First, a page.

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kenratboy

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About kenratboy

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  1. Hi, I need to put together a basic, easy-to-use, but complete set of tools for cleaning records as well as the stylus (despite our best efforts, dirty records will be played). It cannot be too expensive (hopefully $50 or less for what I need), and it should be fairly easy to use (for me and to teach others). Also, should be from a place like Needle Doctor where it can be easily ordered in one pass. Thanks!
  2. Actually, the C-3 is rated at 96.5, so essentially the same. However, other factors such as heat (I am sure I could send a solid 150 watts to the KL-650, where as the C-3 might not like it as much) are not part of the specs.
  3. I have a C-3 center channel, and am wondering if the KL-650 (the THX-cert LCR) is capable of more total sound output? Obviously, the speaker is vastly superior in every way, such as sound quality, build quality, etc. However, they are rated as having the same power handling, the sensitivity is the same, they have similar sized woofers and tweeters (though I would imagine those on the KL-650 are less prone to compression and heat-related issues), and in general, the specs are the same. Given that, would the KL-650 be capable of more (or much more?) output than my plastic-cabinet C-3? Thanks, Ken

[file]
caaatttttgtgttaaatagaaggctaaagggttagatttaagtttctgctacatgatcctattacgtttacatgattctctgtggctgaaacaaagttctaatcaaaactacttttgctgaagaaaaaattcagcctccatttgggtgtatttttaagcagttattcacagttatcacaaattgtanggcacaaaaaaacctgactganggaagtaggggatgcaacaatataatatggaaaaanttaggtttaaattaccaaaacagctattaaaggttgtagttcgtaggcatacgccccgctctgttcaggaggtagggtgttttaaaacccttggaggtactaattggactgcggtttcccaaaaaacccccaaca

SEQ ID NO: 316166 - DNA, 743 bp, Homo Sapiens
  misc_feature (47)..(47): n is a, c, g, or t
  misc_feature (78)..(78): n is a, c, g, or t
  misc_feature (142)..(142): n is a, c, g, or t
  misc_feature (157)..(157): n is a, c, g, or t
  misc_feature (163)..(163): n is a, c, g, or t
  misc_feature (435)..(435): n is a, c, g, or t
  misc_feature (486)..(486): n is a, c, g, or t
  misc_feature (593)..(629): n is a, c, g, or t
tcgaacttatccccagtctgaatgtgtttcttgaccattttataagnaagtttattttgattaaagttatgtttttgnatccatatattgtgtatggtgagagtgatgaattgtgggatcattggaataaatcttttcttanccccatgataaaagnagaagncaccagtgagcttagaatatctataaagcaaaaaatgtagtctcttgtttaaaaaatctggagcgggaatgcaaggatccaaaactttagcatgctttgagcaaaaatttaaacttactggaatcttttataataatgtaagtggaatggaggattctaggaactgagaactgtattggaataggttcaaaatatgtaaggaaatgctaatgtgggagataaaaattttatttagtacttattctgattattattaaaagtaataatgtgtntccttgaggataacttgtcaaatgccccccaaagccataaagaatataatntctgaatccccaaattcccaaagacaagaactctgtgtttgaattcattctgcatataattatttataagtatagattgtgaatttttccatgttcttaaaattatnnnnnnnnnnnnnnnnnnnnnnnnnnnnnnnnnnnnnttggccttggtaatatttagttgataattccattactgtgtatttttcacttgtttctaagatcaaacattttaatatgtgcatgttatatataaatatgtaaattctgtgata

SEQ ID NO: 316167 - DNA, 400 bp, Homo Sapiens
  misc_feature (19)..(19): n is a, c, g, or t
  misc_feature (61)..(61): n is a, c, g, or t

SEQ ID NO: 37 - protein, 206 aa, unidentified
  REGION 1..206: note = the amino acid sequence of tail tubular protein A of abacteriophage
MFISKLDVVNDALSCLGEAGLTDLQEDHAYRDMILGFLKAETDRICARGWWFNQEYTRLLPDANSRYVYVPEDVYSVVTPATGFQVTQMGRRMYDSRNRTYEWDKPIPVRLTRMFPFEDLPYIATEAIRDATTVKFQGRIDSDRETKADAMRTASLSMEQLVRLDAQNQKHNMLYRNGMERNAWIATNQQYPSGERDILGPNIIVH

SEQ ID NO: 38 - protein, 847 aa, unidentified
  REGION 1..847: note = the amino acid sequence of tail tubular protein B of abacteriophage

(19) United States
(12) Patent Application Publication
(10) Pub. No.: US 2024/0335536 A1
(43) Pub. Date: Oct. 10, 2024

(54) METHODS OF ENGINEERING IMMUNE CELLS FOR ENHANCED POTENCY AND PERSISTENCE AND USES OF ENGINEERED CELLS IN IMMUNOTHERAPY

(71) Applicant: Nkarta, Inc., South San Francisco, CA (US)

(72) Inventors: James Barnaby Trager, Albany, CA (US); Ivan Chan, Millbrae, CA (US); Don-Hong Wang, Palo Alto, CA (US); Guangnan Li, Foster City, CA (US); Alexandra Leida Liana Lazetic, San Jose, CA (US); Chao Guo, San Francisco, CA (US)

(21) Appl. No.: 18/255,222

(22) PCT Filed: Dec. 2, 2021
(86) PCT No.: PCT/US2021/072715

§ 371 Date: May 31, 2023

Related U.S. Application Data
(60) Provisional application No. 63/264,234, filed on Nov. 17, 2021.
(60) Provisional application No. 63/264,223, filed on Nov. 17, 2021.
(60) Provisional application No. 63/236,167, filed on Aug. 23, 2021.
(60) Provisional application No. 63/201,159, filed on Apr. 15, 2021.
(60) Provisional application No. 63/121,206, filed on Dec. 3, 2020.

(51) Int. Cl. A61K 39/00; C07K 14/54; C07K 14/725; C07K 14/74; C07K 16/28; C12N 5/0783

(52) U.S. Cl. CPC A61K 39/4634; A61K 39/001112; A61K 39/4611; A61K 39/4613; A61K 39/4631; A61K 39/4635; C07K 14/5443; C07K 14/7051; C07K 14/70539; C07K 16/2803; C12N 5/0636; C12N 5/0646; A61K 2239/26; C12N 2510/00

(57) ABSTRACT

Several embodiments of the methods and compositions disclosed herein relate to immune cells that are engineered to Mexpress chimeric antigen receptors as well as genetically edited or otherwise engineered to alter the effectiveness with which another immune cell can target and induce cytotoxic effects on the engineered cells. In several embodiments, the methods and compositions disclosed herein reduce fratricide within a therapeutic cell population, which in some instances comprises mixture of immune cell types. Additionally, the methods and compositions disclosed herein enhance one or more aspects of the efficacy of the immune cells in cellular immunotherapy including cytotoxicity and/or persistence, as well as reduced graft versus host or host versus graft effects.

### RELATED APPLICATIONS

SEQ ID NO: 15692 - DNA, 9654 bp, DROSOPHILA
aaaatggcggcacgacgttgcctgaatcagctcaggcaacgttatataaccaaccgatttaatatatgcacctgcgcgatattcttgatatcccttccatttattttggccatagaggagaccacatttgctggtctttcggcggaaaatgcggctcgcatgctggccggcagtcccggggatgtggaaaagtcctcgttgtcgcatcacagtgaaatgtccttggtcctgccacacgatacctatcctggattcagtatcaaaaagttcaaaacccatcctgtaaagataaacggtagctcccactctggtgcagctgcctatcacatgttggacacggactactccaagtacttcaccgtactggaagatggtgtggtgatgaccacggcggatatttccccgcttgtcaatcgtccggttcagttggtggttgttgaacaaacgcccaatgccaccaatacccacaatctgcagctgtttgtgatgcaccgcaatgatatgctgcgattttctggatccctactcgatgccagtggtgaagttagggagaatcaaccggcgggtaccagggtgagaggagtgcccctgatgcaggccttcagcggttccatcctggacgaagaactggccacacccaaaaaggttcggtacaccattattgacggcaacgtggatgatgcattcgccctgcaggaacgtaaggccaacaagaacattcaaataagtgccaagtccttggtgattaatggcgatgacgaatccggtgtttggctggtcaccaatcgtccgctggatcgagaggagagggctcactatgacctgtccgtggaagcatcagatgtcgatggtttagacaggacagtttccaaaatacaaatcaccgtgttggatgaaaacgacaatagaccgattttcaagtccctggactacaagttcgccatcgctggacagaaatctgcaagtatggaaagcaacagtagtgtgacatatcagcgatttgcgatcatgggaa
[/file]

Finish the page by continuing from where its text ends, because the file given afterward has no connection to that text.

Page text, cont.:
4. I need to run HDMI from a HD source (such as a BD player, satellite box, or other such thing, but only one at a time) to about 15, 1080p HDTV’s. This is in a commercial setting (but it is my personal pet project!), and there is a mix of TV brands. Been doing some research and found a bunch of things. Looks like I will need to get 2 boxes, and daisy-chain them (does this work?). So far, these look promising as the top two: Gefen EXT-HDMI1.3-1410 ($550 x 2) – looks to be compatible with everything, and gives me 10 outputs vs. 8 on everything else. It is the most expensive, but I think it is also the best. CE Labs HA8 ($325 x 2) – new model, seems to support everything I need. Any ideas what is good? This will be used non-stop in a climate-controlled setting, nothing crazy, but certainly not a typical home environment. Thanks!
  5. So you want me to feel bad because you did not get a high-end audio experience at a drug store